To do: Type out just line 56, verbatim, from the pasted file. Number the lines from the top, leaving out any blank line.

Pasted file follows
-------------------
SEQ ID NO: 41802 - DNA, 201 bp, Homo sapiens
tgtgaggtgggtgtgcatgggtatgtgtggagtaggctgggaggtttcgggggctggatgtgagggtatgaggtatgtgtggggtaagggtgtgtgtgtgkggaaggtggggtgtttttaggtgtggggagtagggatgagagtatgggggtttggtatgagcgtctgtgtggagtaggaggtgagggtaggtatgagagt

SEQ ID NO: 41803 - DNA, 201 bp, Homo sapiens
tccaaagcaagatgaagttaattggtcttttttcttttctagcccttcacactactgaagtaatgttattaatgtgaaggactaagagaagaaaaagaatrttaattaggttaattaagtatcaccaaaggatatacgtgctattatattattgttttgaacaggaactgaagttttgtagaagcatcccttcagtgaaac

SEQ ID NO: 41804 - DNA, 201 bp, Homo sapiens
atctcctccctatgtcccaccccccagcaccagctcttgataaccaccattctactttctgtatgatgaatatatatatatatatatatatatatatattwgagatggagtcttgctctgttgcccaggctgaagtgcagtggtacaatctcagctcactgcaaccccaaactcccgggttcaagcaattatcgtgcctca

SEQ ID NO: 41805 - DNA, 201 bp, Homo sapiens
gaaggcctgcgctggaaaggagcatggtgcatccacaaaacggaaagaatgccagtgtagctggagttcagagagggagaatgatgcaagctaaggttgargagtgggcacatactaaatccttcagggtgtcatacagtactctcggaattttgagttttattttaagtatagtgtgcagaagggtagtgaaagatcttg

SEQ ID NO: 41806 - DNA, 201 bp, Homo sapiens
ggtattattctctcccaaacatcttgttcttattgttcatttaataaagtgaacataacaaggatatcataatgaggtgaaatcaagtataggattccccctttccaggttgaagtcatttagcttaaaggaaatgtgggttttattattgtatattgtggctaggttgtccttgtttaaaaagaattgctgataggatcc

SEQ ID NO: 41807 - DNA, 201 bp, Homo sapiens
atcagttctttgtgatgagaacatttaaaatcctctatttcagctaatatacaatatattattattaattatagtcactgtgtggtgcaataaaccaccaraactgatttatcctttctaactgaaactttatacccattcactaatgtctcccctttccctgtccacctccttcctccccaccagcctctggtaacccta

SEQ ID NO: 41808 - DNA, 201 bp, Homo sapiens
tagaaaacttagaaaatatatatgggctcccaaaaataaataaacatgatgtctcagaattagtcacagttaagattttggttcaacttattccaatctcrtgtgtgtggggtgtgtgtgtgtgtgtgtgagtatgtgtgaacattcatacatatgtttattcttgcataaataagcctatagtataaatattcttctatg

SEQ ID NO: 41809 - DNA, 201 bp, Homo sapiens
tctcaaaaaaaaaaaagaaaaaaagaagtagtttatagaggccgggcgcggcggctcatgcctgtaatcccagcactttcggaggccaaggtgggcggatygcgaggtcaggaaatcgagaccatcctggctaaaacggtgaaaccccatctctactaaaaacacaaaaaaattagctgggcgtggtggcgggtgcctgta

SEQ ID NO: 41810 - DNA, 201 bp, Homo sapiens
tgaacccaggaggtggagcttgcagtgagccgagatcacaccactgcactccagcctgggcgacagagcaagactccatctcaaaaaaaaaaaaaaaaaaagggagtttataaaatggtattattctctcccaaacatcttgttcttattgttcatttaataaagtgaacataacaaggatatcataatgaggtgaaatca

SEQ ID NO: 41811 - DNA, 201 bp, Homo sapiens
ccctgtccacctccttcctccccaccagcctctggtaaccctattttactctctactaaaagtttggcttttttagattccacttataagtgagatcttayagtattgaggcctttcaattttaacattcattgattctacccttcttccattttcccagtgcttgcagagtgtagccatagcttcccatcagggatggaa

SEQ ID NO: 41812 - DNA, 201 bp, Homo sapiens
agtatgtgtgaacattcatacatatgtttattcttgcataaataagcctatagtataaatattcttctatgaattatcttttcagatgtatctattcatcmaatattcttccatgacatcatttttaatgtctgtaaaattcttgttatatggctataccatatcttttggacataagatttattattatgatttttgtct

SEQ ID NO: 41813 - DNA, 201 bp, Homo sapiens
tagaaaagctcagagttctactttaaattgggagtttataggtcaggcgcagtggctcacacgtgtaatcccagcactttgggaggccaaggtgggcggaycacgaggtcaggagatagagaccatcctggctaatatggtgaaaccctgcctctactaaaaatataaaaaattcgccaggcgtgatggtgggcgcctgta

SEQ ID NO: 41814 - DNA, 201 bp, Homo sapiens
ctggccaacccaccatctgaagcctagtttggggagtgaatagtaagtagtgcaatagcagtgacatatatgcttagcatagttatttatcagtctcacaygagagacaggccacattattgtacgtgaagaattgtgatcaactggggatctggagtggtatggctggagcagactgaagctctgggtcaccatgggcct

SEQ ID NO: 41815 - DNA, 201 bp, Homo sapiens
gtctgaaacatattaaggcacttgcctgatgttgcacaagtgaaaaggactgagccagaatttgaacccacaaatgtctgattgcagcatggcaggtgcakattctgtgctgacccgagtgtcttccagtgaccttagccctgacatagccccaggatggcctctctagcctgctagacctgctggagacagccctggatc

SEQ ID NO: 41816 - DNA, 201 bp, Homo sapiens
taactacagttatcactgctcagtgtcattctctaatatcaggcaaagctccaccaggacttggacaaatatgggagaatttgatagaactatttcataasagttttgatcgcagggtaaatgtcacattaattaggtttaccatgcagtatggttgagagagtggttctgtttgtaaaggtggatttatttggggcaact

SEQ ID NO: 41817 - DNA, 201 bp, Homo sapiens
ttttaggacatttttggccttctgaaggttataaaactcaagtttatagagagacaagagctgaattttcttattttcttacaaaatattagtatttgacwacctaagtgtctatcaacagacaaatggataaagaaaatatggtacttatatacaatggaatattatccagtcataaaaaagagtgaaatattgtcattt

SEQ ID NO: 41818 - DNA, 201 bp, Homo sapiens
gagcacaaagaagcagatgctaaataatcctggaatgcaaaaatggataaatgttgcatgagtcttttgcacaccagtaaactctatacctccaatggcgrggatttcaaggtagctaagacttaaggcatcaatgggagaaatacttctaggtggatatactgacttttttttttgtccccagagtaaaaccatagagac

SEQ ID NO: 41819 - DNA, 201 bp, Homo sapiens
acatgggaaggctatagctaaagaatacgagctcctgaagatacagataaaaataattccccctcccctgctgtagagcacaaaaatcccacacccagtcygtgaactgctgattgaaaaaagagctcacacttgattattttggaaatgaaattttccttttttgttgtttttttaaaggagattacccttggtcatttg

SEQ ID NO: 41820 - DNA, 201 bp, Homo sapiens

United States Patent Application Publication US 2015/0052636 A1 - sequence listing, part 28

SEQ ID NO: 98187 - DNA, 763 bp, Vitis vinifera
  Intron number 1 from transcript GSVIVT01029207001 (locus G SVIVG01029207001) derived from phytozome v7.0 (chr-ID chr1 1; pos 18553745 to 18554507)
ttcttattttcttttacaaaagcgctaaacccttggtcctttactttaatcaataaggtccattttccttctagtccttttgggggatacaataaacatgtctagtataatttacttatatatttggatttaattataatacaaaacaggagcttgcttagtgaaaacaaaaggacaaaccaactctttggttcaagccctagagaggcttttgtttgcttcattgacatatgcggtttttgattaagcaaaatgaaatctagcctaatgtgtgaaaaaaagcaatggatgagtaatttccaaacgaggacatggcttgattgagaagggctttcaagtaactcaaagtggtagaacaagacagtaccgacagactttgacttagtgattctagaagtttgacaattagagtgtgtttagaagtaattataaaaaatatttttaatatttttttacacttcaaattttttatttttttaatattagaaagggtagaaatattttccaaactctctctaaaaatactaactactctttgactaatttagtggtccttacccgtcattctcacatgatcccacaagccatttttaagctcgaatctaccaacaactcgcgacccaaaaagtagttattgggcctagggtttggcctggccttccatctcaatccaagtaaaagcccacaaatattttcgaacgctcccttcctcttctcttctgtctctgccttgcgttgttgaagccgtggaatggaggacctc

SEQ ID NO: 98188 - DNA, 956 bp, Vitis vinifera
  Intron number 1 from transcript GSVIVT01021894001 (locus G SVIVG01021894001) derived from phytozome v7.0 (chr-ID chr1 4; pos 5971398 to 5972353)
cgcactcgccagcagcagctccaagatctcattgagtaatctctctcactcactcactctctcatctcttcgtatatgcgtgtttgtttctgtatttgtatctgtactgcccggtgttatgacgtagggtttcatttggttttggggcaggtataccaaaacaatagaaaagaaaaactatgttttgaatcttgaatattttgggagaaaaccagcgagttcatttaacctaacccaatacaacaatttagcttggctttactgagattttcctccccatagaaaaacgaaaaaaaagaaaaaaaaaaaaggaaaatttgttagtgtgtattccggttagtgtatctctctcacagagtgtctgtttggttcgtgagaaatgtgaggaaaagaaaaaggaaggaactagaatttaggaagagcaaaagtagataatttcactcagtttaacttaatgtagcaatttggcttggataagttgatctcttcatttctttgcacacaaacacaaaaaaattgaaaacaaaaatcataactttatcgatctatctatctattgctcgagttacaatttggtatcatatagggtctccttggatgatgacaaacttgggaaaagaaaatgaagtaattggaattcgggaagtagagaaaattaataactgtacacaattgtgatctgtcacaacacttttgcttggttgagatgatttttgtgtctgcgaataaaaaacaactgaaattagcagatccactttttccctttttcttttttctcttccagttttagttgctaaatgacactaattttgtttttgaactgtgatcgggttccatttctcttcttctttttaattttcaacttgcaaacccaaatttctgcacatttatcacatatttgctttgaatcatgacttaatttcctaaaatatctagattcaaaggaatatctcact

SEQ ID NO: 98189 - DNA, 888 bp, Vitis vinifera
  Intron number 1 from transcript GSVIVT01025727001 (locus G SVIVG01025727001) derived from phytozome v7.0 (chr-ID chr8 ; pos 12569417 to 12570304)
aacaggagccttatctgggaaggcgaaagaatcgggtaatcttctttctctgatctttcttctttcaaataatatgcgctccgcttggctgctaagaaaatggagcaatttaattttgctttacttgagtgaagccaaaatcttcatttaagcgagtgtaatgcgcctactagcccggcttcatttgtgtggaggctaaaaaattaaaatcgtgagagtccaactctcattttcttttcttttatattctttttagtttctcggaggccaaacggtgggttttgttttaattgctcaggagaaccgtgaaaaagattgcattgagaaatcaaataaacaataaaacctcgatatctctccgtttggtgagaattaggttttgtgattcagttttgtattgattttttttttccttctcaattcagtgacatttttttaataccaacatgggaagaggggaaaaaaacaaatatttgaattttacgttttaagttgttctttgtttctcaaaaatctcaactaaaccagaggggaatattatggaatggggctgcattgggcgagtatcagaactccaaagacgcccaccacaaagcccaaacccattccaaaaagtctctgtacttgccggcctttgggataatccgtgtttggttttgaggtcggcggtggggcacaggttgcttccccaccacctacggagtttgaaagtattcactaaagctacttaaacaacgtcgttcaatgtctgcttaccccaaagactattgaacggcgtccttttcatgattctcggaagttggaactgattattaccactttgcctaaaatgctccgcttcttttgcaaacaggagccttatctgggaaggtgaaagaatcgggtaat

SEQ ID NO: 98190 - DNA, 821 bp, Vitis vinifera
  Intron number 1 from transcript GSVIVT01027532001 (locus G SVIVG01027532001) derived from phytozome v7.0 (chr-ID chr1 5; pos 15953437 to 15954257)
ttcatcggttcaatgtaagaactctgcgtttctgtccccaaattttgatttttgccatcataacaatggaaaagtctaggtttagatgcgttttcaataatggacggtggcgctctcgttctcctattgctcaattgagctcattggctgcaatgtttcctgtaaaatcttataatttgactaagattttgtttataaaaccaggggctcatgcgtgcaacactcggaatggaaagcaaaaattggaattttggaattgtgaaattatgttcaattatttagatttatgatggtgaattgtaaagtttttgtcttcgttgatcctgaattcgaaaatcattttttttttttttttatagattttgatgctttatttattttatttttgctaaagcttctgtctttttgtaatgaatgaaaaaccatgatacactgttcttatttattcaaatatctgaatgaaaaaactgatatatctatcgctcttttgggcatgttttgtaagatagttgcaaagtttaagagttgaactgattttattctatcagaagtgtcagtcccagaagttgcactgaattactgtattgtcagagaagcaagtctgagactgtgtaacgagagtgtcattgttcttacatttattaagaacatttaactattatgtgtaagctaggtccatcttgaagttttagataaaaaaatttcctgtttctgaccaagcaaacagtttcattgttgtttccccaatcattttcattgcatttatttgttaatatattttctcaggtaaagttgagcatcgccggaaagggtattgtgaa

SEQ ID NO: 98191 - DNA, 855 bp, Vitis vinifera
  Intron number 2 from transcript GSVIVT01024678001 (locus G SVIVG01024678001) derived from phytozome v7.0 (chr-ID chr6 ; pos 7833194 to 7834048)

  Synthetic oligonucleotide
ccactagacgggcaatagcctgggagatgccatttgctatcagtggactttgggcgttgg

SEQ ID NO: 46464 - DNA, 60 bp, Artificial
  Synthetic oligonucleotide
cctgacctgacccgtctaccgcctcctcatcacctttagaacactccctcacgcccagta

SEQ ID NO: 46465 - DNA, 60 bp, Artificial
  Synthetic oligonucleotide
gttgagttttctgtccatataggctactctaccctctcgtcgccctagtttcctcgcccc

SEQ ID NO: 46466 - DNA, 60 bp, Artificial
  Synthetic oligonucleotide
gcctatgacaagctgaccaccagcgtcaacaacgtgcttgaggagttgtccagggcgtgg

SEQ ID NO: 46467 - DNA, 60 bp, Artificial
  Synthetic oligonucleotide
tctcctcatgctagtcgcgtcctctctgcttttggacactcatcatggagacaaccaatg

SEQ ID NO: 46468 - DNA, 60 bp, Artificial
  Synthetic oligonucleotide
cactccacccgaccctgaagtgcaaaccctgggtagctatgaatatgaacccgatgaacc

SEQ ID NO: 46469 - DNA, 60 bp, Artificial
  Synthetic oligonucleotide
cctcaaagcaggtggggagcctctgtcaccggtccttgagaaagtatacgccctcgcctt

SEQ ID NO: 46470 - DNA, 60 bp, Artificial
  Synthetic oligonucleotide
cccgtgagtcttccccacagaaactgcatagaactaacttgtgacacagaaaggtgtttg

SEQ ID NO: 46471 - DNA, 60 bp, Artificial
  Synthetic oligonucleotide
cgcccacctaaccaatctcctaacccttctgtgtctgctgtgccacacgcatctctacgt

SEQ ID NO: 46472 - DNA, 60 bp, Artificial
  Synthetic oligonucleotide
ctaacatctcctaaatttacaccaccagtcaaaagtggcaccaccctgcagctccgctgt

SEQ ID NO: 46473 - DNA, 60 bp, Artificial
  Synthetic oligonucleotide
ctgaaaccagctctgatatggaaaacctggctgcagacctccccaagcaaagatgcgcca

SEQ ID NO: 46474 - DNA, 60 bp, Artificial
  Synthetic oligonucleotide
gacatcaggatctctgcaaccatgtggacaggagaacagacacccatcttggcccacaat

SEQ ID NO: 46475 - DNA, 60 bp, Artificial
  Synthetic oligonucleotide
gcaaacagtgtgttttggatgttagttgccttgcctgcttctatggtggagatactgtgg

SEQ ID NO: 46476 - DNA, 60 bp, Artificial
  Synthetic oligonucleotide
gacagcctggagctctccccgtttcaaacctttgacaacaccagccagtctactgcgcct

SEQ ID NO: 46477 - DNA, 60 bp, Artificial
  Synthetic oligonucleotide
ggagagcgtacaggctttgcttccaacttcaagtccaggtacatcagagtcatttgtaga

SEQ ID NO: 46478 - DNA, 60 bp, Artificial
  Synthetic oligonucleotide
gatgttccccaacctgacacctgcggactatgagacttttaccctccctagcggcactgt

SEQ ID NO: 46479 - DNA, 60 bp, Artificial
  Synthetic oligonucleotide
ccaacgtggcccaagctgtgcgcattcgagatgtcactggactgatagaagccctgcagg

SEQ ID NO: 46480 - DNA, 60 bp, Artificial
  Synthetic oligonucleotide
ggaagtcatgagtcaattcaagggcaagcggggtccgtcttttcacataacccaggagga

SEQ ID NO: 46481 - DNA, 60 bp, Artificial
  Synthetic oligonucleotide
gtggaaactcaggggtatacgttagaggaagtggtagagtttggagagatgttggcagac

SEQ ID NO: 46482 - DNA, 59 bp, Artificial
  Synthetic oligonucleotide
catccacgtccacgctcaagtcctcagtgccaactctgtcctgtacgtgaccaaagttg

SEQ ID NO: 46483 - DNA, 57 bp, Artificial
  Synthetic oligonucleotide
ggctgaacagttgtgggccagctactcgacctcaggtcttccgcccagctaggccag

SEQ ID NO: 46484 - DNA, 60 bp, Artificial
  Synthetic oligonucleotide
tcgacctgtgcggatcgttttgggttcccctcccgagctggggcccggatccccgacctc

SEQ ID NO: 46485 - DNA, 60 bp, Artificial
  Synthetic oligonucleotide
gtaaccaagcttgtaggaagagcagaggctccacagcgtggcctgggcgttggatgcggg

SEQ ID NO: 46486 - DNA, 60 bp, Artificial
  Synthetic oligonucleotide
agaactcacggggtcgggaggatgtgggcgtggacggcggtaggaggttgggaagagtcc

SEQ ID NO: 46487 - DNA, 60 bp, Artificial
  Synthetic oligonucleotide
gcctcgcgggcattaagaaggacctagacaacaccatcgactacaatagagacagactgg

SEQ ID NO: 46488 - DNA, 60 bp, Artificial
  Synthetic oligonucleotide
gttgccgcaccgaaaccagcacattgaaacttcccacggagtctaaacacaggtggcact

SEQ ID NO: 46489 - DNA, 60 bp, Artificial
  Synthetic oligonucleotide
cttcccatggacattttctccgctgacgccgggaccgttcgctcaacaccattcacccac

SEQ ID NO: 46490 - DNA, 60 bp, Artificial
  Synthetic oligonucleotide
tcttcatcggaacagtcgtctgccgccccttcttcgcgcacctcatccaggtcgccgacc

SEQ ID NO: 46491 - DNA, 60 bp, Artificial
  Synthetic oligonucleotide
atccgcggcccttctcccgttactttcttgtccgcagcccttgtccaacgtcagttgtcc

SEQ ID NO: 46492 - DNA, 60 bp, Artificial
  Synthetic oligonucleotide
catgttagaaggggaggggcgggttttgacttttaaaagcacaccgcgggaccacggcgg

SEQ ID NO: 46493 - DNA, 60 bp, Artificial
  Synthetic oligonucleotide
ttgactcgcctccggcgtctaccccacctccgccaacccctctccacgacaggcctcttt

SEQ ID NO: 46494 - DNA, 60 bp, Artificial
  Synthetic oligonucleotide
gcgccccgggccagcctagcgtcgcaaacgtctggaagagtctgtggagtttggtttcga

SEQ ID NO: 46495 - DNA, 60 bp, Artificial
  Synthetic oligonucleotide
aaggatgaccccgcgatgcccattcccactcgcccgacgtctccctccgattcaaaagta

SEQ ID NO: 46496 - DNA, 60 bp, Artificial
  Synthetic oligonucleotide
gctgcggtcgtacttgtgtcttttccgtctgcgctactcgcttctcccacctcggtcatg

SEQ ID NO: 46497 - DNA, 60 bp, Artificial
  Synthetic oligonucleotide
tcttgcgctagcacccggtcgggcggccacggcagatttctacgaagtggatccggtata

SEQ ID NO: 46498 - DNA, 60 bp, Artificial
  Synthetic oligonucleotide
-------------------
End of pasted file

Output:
  Synthetic oligonucleotide